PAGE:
Shot composition (The 180 degree rule)

By ToddFriday - November 1st, 2013Categories: Articles, News

In my last article, I focused on over the shoulder shots, up and down angles, and whether to center your content or not. This week I’ll talk about something that most people don’t even think about in comics, and that’s the ‘180 degree rule’ for shot composition. Out of all the things I’ve talked about so far, people will probably think of this one as the most trivial of them all, but it’s actually important so that readers don’t get confused on what’s going on. Let’s continue our crudely made drawings from last week…

Shot Composition - The 180 Rule - 1

Very standard conversation using two over the shoulder shots, nothing exciting.


The 180 rule is an imaginary half circle that you place near your subject matter, and the rule is that you are only allowed to move your virtual camera on the outer edge of that half circle. Breaking this rule will result in confusing your readers because you’re now criss crossing your camera angles and they will lose any sense of “grounding” you are giving them with a scene. Using the image above, this is how that rule would apply…

Shot Composition - The 180 Rule - 2

As long as both cameras are on the same half circle on the same side, then you’re fine. If you move one camera out of that half circle, then you are breaking the 180 rule and things start to get confusing because people will lose track of where THEY are located in the story. Remember, even though you’re creating a comic, you are also placing this virtual camera for the readers to see one frame of the action!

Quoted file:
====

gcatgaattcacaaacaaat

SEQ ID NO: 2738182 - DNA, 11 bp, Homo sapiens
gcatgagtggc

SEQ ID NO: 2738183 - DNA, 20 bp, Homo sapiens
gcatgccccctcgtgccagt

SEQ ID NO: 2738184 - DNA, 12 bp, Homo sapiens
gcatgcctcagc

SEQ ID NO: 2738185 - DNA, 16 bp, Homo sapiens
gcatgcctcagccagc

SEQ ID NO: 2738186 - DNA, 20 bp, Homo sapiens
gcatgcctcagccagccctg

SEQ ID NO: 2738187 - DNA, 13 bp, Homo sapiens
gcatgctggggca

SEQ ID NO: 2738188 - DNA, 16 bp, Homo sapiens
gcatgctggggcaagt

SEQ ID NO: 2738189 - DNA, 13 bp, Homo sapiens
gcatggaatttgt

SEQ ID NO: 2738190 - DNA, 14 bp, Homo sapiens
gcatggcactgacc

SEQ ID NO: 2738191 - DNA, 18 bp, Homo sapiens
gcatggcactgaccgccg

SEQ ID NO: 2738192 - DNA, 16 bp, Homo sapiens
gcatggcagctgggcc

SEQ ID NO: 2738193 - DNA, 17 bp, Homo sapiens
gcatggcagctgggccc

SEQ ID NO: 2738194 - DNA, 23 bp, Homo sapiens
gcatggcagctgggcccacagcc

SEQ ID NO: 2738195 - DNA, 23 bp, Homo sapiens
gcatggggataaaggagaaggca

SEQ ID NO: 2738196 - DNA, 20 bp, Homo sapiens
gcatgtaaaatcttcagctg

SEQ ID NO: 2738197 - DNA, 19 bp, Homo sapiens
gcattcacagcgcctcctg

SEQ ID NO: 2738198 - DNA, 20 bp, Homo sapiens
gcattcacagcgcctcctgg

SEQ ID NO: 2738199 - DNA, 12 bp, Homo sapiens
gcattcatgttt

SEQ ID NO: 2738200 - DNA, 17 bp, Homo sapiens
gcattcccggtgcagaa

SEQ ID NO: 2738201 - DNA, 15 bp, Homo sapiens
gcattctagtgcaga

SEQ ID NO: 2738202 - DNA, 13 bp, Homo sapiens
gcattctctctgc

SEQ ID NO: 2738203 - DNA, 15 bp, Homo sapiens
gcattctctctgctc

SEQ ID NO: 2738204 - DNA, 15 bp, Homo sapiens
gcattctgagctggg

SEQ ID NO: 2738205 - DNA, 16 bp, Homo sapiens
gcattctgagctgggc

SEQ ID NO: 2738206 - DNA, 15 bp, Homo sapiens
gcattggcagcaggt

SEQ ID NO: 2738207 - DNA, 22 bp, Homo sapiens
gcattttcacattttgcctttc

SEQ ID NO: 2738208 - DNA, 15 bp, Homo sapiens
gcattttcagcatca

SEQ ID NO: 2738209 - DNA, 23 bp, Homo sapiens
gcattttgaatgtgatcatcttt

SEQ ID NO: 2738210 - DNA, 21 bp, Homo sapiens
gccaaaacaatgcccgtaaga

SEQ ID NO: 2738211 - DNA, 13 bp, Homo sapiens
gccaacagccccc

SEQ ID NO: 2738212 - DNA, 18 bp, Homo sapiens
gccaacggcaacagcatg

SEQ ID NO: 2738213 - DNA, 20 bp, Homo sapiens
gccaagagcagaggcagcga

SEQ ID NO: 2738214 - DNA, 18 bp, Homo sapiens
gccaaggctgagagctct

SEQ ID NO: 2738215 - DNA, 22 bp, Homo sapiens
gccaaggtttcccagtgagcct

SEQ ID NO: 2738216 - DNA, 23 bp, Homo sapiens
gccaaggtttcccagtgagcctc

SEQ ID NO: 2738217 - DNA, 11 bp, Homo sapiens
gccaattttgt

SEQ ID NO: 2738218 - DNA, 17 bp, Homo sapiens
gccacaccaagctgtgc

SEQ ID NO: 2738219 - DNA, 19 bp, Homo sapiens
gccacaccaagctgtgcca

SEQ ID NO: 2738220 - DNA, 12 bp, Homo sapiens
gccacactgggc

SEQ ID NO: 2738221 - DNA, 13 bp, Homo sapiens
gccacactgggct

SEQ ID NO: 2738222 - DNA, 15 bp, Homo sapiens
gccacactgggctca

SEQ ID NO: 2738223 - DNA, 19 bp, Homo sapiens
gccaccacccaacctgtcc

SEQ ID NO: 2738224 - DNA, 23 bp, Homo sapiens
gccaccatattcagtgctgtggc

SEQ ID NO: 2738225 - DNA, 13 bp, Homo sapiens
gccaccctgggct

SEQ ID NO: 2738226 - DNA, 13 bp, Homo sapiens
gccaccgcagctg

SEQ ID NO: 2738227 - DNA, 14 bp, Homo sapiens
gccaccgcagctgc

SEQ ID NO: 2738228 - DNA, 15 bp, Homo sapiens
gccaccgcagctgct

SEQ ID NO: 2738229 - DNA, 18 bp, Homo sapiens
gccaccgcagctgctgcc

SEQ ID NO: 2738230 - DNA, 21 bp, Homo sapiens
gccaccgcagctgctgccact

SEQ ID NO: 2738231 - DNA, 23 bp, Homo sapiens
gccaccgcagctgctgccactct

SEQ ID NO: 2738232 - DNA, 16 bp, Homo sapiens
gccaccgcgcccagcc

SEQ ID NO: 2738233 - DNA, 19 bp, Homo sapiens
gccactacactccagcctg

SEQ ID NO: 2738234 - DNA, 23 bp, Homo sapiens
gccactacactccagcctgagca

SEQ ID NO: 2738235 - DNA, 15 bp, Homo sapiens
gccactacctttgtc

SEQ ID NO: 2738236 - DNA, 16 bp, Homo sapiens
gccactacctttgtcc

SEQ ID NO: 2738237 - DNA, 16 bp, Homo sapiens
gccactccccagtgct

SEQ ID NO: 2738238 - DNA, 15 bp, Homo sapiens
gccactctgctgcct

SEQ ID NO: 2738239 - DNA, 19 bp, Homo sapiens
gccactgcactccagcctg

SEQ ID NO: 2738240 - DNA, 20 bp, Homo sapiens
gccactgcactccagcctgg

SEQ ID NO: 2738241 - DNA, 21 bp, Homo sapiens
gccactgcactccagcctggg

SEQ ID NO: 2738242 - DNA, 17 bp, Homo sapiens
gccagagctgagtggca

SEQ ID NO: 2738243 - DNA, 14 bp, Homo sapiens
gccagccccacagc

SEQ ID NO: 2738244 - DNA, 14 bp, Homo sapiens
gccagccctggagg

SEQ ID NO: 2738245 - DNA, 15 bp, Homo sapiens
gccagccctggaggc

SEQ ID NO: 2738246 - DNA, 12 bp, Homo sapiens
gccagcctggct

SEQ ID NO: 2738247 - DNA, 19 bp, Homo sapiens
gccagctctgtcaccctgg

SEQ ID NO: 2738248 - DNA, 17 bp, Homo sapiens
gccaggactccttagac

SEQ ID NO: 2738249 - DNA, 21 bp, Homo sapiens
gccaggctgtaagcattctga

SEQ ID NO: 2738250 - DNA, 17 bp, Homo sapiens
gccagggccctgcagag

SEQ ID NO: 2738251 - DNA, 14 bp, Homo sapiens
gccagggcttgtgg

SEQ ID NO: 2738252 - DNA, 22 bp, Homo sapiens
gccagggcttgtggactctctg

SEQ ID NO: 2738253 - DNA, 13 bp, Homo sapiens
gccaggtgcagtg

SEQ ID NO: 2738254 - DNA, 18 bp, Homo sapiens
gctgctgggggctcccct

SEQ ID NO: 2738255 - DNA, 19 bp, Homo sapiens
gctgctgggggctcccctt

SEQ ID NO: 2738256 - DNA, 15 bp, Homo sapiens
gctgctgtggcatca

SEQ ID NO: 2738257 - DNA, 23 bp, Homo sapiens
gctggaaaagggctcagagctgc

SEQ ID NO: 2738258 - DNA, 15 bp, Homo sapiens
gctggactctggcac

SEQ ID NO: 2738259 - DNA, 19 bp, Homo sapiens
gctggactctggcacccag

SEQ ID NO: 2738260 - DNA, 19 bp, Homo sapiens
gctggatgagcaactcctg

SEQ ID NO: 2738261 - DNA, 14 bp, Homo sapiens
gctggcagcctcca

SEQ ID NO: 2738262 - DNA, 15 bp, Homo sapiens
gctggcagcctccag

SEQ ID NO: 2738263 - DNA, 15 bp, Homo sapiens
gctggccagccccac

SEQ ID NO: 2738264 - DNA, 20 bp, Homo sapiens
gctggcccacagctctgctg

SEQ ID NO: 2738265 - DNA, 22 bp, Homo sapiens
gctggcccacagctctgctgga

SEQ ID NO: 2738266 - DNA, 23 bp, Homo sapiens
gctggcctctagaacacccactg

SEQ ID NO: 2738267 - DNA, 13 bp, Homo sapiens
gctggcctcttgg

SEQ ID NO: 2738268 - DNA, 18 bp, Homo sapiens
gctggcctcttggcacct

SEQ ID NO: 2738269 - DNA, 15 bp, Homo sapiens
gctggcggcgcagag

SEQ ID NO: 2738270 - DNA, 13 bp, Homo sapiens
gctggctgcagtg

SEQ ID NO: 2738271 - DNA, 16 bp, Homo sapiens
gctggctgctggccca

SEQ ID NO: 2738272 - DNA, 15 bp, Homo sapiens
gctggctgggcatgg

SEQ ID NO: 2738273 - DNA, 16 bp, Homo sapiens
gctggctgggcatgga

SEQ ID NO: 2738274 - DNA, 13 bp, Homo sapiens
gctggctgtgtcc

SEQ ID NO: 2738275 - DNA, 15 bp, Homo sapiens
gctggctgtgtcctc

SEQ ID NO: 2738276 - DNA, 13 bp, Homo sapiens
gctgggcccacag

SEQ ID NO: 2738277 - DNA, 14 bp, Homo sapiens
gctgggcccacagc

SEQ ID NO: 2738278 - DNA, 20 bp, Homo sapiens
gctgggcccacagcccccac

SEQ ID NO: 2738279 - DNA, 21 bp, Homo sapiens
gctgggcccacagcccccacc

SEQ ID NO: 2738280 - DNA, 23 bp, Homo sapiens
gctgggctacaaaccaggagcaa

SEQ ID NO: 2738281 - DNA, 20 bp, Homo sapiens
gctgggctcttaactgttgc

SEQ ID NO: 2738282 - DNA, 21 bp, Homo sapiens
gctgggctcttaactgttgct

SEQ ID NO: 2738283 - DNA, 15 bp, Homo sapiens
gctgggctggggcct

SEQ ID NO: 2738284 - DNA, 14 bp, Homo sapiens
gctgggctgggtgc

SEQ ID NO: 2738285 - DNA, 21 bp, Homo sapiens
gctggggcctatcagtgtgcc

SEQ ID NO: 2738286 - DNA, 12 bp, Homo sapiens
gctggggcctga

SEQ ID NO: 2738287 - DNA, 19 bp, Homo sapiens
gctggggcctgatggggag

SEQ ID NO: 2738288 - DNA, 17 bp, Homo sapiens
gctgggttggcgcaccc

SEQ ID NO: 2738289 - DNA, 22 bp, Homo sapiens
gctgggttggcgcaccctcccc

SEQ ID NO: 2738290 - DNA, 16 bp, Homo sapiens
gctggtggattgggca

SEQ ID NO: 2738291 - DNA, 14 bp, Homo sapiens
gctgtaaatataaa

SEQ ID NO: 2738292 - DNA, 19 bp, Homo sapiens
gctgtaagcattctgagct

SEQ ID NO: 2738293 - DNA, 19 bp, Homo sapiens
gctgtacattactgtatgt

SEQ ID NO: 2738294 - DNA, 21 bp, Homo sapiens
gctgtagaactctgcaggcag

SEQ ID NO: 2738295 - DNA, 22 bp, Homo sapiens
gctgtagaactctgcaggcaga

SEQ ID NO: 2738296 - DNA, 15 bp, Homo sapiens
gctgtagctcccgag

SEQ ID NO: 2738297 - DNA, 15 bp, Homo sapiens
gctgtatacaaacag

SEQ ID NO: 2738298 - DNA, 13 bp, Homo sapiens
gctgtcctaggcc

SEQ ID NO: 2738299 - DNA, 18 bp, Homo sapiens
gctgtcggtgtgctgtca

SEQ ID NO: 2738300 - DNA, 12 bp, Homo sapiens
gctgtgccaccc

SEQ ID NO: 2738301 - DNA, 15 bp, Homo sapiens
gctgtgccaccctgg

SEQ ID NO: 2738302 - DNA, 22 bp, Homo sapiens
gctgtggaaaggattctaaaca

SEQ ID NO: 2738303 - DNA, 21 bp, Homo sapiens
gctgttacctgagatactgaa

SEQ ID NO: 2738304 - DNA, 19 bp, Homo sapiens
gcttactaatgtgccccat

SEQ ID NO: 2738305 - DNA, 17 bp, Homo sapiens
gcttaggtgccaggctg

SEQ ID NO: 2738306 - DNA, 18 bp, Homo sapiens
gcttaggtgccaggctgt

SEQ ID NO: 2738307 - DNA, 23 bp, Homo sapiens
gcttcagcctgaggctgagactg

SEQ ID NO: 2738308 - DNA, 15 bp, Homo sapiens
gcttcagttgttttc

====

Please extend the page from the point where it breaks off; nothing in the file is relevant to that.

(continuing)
I can hear you say, “But Todd, I never have two people talk like this in my comic! All my comics are action based! Why should I listen to this 180 rule?” Good question voice in my head, let me explain with another set of drawings…

Shot Composition - The 180 Rule - 3

Now we have crudely drawn action figures! One is racing towards the other, sword held high. The more experienced warrior just stands there, waiting for his prey to get closer. Notice that they still follow the 180 rule as both “camera angles” are from the same side, which makes it look like they are heading towards each other. What happens if you move your camera out of the 180 half circle?

Shot Composition - The 180 Rule - 4

Now you have both warriors facing the same direction! You just confused your readers because they are no longer running towards one another.


This 180 rule does not apply to every single panel in your comic. For example, you may have an establishing shot of a cityscape in panel one. Panels 2-5 could zoom in on an alley way where these two warriors are located. The establishing shot doesn’t have to be on the same 180 plane as the shot where the two warriors are.

This 180 rule really only applies to two or more subjects in the same scene because the rule is there to establish where each of these are in relation to their surroundings. This ties in nicely to the establishing shot I talked about a few weeks ago, because it also helps ground you in the scene so you know where everything is in relation to one another.

I highly recommend reading the Wikipedia entry for this 180 rule, because it does a great job expanding on what I’ve said already.

In my next article I will start getting into the nitty gritty of comic conventions, and what you need to do to prep for them!

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Shot composition (The 180 degree rule) by Todd Tevlin is licensed under a Creative Commons Attribution 4.0 International License.

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